Paul was simply making practical arrangements here. However, the verse interests us because it contains several important facts about the first Christians.
Firstly, the verse tells us that Christians have always considered Sunday to be a special day. Here, Paul describes it as the ‘first day in the week’. In Revelation 1:10, John calls it ‘the Lord’s day’, that is, Christ’s day. It was the day when Christ became alive again (Luke 24:1). The Christians soon selected Sunday as a convenient day for their meetings.
So on Sunday, at the beginning of each week, Paul told the Christians to prepare their gifts. They should separate the gifts from their other money. Those gifts were holy; they belonged to God.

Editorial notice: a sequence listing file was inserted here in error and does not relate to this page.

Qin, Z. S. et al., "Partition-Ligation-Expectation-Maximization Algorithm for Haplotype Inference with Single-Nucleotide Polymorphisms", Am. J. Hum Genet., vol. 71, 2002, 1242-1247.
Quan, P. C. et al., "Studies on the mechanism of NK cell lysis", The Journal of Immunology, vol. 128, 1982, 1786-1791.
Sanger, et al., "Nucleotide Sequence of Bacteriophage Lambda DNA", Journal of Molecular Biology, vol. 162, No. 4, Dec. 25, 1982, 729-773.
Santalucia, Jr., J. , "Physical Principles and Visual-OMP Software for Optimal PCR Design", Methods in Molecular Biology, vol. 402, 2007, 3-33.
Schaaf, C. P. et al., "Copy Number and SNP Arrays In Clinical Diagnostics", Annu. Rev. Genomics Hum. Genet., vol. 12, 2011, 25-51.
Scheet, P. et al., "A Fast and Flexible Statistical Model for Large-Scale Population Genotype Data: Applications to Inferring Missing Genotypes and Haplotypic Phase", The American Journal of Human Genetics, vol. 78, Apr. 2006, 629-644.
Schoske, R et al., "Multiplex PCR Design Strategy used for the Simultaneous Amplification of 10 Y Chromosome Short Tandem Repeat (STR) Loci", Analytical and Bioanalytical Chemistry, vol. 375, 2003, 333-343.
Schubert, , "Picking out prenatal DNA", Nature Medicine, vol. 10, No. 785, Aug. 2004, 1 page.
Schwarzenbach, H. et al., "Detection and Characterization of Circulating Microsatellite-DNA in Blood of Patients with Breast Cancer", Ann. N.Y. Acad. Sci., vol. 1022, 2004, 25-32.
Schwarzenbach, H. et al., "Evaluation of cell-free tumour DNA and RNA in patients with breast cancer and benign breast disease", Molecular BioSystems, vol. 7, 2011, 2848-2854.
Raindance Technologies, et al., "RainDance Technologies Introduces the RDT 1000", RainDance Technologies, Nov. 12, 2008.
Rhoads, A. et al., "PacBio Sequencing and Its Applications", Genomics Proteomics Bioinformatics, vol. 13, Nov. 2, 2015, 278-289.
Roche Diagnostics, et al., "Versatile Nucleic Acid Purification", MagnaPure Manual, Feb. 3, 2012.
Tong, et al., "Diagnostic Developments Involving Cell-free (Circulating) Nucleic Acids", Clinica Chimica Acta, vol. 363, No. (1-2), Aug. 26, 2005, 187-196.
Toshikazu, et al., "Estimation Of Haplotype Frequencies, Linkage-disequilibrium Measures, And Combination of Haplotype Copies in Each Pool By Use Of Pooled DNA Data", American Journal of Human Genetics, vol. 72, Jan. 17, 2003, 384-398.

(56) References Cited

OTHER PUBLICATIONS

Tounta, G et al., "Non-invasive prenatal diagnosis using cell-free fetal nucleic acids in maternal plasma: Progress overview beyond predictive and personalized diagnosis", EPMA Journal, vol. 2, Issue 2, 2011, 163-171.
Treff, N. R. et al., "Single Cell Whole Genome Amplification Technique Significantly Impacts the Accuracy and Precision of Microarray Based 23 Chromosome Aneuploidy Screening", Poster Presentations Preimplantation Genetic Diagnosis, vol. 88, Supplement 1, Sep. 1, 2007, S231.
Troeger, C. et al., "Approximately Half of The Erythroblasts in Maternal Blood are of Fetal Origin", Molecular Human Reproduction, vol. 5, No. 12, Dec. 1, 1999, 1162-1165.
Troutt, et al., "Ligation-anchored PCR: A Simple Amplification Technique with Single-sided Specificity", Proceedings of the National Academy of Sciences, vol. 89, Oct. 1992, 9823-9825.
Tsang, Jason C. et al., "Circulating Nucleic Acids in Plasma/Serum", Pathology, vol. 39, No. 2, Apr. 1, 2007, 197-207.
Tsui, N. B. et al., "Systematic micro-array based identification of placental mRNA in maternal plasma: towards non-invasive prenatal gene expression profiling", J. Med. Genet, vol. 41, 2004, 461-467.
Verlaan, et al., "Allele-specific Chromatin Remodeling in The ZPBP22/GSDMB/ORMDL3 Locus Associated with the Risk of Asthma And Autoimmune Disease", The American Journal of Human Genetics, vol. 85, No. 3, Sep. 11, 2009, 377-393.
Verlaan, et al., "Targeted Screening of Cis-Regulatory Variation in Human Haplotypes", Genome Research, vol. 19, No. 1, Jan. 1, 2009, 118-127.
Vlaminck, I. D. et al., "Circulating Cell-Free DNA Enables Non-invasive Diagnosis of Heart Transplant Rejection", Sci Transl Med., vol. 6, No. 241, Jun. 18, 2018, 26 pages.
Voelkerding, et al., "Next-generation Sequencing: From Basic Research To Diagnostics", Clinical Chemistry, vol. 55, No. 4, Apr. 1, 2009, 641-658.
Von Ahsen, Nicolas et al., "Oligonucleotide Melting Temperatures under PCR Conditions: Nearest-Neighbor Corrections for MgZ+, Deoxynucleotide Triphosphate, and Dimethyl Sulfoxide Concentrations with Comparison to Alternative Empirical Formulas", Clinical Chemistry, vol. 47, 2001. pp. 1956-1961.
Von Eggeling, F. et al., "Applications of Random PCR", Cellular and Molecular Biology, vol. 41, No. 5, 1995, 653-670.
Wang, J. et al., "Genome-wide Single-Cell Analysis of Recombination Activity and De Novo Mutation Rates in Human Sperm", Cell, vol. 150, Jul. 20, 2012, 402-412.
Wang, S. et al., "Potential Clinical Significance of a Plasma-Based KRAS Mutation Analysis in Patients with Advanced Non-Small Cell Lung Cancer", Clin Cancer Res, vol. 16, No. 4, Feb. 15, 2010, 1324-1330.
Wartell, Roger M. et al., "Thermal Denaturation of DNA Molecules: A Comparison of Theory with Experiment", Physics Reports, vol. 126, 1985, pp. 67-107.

Paul wanted every Christian to give. However, it was not necessary for them all to give the same gift. A few Christians in Corinth were very wealthy. Many of them were poor; some were slaves. There should be a relationship between the person’s wealth and the amount that he gave. A wealthy Christian should give a larger gift.
Paul did not want to ask for people to give money when he arrived in Corinth. He recognised that he would have much more important tasks to carry out in Corinth. He had to teach them from the Bible. He had to give them some more instructions about their meetings (11:34). Probably the local leaders of the church would need his advice and help.
So, Paul urged the Christians in Corinth to prepare their gifts now. They should not wait for an appeal before they made their gifts. Instead, they should be ready now.
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© 2014, Keith Simons.